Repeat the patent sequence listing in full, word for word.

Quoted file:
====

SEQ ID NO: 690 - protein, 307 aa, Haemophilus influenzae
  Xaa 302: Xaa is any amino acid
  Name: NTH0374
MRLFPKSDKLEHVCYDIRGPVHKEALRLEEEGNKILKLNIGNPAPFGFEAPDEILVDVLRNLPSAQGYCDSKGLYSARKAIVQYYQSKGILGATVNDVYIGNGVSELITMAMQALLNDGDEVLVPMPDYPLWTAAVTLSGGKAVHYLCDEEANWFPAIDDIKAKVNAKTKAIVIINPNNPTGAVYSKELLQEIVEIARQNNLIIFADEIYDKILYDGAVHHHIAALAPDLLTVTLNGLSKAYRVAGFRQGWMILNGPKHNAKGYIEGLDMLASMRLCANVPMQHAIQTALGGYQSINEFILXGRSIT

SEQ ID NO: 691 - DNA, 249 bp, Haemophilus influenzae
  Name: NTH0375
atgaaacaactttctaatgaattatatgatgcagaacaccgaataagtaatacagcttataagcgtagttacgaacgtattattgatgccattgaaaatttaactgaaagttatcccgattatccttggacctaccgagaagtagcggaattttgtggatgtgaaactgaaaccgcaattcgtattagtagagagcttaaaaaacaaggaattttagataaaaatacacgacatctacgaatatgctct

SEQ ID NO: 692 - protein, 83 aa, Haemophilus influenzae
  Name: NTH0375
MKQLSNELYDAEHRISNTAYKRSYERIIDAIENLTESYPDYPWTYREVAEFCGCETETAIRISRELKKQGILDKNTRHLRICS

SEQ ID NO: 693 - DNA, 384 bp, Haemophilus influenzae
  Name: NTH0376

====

SEQ ID NO: 690 - protein, 307 aa, Haemophilus influenzae
  Xaa 302: Xaa is any amino acid
  Name: NTH0374
MRLFPKSDKLEHVCYDIRGPVHKEALRLEEEGNKILKLNIGNPAPFGFEAPDEILVDVLRNLPSAQGYCDSKGLYSARKAIVQYYQSKGILGATVNDVYIGNGVSELITMAMQALLNDGDEVLVPMPDYPLWTAAVTLSGGKAVHYLCDEEANWFPAIDDIKAKVNAKTKAIVIINPNNPTGAVYSKELLQEIVEIARQNNLIIFADEIYDKILYDGAVHHHIAALAPDLLTVTLNGLSKAYRVAGFRQGWMILNGPKHNAKGYIEGLDMLASMRLCANVPMQHAIQTALGGYQSINEFILXGRSIT

SEQ ID NO: 691 - DNA, 249 bp, Haemophilus influenzae
  Name: NTH0375
atgaaacaactttctaatgaattatatgatgcagaacaccgaataagtaatacagcttataagcgtagttacgaacgtattattgatgccattgaaaatttaactgaaagttatcccgattatccttggacctaccgagaagtagcggaattttgtggatgtgaaactgaaaccgcaattcgtattagtagagagcttaaaaaacaaggaattttagataaaaatacacgacatctacgaatatgctct

SEQ ID NO: 692 - protein, 83 aa, Haemophilus influenzae
  Name: NTH0375
MKQLSNELYDAEHRISNTAYKRSYERIIDAIENLTESYPDYPWTYREVAEFCGCETETAIRISRELKKQGILDKNTRHLRICS

SEQ ID NO: 693 - DNA, 384 bp, Haemophilus influenzae
  Name: NTH0376